World Cup qualifying for the U.S. women’s team looks like an easy road.
But then again, it looked that way the last time, too.
The U.S. team has been ranked No. 1 in the world for the past five years going into the CONCACAF championship, an eight-team tournament with three spots in next year’s World Cup in Canada up for grabs.
Back in 2010 they were also the heavy favorites in qualifying until they got stunned by Mexico.
The 2-1 loss in Cancun in the semifinals ultimately forced the United States into a two-game playoff against Italy which the team won 2-0 on aggregate. At the World Cup in Germany the next year, the United States fell to Japan in the final on penalty kicks.
“We don’t want to take any chances like we did last time around,” forward Alex Morgan said. “We want to come out on top this qualification and be seeded well for the World Cup.”
The United States last won a World Cup in 1999.
For this year’s qualifying, the United States is in a group with Trinidad and Tobago, Haiti and Guatemala. On the other side are Costa Rica, Jamaica, Martinique and Mexico.
The United States opens on Wednesday against Trinidad and Tobago in Kansas City, Kansas. They’ll face Guatemala two days later in Bridgeview, Illinois, before facing Haiti on Oct. 20 in Washington, D.C.
The semifinals will be played on Oct. 24, in Chester, Pennsylvania, with the final and third place match two days later.
The top three finishers from the tournament will win a spot among the expanded field of 24 teams headed to Canada next year for the World Cup. The fourth-place finisher will get a chance to make the field in a playoff game against a South American team later this year.
Canada has already secured its spot as the host nation. Martinique, which is not a FIFA member, cannot qualify for the World Cup and will not advance out of the group stage.
The U.S. roster includes Morgan, along with veterans Abby Wambach and Christie Rampone, as well as midfielder Megan Rapinoe and University of Virginia midfielder Morgan Brian. There was one roster move on Tuesday when Crystal Dunn sprained ligaments in her right knee during training and was replaced for the tournament by fellow defender Julie Johnston.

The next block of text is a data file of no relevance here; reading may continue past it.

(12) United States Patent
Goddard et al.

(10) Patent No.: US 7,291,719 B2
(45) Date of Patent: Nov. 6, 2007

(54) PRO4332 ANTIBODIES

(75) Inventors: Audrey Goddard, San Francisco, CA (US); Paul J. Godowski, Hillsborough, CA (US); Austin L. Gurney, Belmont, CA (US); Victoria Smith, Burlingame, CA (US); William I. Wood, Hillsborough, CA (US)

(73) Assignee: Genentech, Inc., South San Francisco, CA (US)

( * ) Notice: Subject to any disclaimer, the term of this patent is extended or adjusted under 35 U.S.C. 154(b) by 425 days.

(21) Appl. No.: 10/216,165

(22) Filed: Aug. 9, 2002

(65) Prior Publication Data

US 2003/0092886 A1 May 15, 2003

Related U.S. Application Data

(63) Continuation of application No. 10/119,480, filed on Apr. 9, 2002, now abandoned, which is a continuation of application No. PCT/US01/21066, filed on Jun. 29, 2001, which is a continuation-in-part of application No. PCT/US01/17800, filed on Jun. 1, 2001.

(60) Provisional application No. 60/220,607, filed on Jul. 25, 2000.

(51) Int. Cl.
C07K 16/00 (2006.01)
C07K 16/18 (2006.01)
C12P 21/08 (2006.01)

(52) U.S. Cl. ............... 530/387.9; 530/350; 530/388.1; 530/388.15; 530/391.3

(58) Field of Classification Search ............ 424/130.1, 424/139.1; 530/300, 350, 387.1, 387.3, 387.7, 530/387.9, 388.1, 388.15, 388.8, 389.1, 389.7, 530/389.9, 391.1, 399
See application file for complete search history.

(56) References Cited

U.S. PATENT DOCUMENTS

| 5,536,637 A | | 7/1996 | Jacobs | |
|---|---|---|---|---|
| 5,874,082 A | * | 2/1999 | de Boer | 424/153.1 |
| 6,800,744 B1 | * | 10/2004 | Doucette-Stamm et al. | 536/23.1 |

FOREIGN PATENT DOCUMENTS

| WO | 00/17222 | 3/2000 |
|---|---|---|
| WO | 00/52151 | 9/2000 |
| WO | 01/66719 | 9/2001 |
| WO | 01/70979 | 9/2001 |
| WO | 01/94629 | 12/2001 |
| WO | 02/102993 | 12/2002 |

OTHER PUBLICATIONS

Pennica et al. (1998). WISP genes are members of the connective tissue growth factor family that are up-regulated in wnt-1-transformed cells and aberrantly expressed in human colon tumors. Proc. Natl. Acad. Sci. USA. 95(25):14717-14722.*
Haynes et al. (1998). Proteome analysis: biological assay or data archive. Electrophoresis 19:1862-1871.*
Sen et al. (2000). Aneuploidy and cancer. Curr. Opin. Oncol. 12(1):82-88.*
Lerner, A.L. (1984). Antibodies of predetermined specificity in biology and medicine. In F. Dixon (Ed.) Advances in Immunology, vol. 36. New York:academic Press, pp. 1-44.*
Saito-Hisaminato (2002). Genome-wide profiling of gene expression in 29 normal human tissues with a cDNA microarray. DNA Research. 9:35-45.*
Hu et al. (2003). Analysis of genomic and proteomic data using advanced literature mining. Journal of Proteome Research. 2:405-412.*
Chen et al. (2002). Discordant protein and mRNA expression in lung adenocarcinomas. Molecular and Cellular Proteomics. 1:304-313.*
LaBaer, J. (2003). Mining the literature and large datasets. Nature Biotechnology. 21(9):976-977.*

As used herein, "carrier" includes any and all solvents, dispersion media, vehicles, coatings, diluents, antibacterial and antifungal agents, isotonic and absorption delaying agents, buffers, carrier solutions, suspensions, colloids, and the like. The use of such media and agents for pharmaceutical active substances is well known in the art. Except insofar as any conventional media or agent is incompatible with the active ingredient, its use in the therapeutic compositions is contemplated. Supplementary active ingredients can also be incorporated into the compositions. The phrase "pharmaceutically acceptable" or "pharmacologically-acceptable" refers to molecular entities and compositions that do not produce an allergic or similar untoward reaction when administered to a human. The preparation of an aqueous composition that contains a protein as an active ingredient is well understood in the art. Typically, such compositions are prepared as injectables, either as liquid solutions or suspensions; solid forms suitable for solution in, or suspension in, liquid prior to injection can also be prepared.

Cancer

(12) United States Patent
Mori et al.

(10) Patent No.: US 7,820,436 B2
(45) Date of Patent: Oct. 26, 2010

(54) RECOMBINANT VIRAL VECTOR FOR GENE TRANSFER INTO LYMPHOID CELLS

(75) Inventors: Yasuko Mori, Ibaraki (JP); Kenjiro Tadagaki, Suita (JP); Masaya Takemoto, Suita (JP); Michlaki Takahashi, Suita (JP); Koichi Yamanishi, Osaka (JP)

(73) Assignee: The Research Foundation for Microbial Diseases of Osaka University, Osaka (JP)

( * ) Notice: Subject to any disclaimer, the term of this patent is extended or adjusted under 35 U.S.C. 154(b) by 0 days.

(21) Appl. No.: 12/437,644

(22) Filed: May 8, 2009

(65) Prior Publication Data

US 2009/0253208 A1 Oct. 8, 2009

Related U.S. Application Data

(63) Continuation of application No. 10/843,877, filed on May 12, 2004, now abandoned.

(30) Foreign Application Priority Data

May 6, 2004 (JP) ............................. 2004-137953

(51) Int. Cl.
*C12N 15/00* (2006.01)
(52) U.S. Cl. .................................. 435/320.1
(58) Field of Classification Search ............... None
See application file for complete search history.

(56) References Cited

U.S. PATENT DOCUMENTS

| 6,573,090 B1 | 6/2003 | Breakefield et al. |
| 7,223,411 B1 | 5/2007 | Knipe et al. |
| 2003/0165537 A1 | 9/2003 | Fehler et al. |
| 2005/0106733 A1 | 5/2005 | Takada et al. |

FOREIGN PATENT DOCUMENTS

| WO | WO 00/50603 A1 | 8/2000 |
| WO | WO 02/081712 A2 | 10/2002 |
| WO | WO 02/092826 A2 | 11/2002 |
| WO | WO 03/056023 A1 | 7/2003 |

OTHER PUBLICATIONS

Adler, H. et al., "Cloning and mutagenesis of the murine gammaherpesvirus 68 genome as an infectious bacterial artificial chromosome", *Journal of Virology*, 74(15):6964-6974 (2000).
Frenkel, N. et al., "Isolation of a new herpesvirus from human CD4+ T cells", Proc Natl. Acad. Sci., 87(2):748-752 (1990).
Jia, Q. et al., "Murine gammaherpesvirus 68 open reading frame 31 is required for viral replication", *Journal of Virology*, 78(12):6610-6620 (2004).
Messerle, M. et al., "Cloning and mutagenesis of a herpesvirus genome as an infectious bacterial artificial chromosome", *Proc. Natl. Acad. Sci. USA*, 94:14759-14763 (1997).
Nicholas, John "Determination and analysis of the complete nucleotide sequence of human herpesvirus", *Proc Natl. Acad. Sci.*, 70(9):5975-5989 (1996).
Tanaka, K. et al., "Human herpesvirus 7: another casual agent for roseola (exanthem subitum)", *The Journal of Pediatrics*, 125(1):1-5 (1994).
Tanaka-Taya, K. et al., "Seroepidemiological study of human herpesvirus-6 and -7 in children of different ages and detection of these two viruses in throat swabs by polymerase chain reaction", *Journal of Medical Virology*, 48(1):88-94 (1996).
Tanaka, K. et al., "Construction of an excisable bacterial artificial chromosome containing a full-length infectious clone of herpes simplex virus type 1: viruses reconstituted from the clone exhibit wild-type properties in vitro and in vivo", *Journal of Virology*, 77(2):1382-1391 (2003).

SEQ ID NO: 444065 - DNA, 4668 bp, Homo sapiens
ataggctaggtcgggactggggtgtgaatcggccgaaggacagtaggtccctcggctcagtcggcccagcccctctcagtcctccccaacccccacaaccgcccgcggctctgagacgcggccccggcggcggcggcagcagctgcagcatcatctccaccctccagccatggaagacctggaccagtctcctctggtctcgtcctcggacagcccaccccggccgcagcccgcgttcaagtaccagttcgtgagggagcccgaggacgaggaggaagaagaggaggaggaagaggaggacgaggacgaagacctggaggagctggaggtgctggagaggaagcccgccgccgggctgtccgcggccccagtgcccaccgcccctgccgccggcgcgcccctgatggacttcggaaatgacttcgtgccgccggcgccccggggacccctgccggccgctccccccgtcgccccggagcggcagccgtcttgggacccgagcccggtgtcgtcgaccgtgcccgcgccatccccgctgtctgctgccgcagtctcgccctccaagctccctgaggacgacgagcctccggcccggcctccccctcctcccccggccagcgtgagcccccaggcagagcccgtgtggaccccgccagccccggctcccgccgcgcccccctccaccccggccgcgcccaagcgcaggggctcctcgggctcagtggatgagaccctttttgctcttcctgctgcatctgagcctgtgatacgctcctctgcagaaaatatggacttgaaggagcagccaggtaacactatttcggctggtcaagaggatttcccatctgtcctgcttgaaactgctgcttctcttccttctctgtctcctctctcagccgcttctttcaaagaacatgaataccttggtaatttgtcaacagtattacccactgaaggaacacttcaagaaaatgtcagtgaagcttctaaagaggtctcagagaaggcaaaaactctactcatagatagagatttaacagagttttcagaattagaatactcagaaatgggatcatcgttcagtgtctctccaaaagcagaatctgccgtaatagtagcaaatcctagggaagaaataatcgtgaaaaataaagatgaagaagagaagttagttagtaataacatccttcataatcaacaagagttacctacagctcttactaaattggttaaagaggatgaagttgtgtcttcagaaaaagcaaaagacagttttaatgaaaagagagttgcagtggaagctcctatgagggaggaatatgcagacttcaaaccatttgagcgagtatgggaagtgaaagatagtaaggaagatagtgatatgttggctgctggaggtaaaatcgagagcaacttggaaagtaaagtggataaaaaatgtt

Trinidad and Tobago, the United States’ opening opponent, drew attention last week when coach Randy Waldrum went to Twitter to say his team had arrived for training in Texas with only $500 and no equipment.
Waldrum’s posts went viral in the soccer community, and the website KeeperNotes.com set up a PayPal account to gather donations. The site is still collecting, and the fund has reached over $14,000.
Haiti’s team also heard of Trinidad and Tobago’s predicament and decided to send just over $1,300 in donations from selling T-shirts to its opponent. It was Haiti’s entire fundraising account.
But soon after Haiti’s women voted to relinquish all of their money, the Clinton Foundation stepped in and offered to fund the team, not just for the CONCACAF tournament but for the long haul.
“I’ve had my faith restored in humanity,” Waldrum said.
Trinidad and Tobago won the Caribbean Cup to earn a spot in the CONCACAF championships. Known as the Soca Princesses, they’ve never qualified for a World Cup or an Olympics. Haiti, likewise, has never qualified.
In contrast, the talented United States is already primed for success next year in Canada. Any pressure will really come from within.
“You know what? We didn’t get it done the last time, in terms of going straight through our qualifying tournament,” Wambach said. “So, obviously that’s our No. 1 goal, we want to win every one of our games in qualifying. I think that if we put all of our pieces together and we play well, and we believe in each other, I think this team is capable of anything.”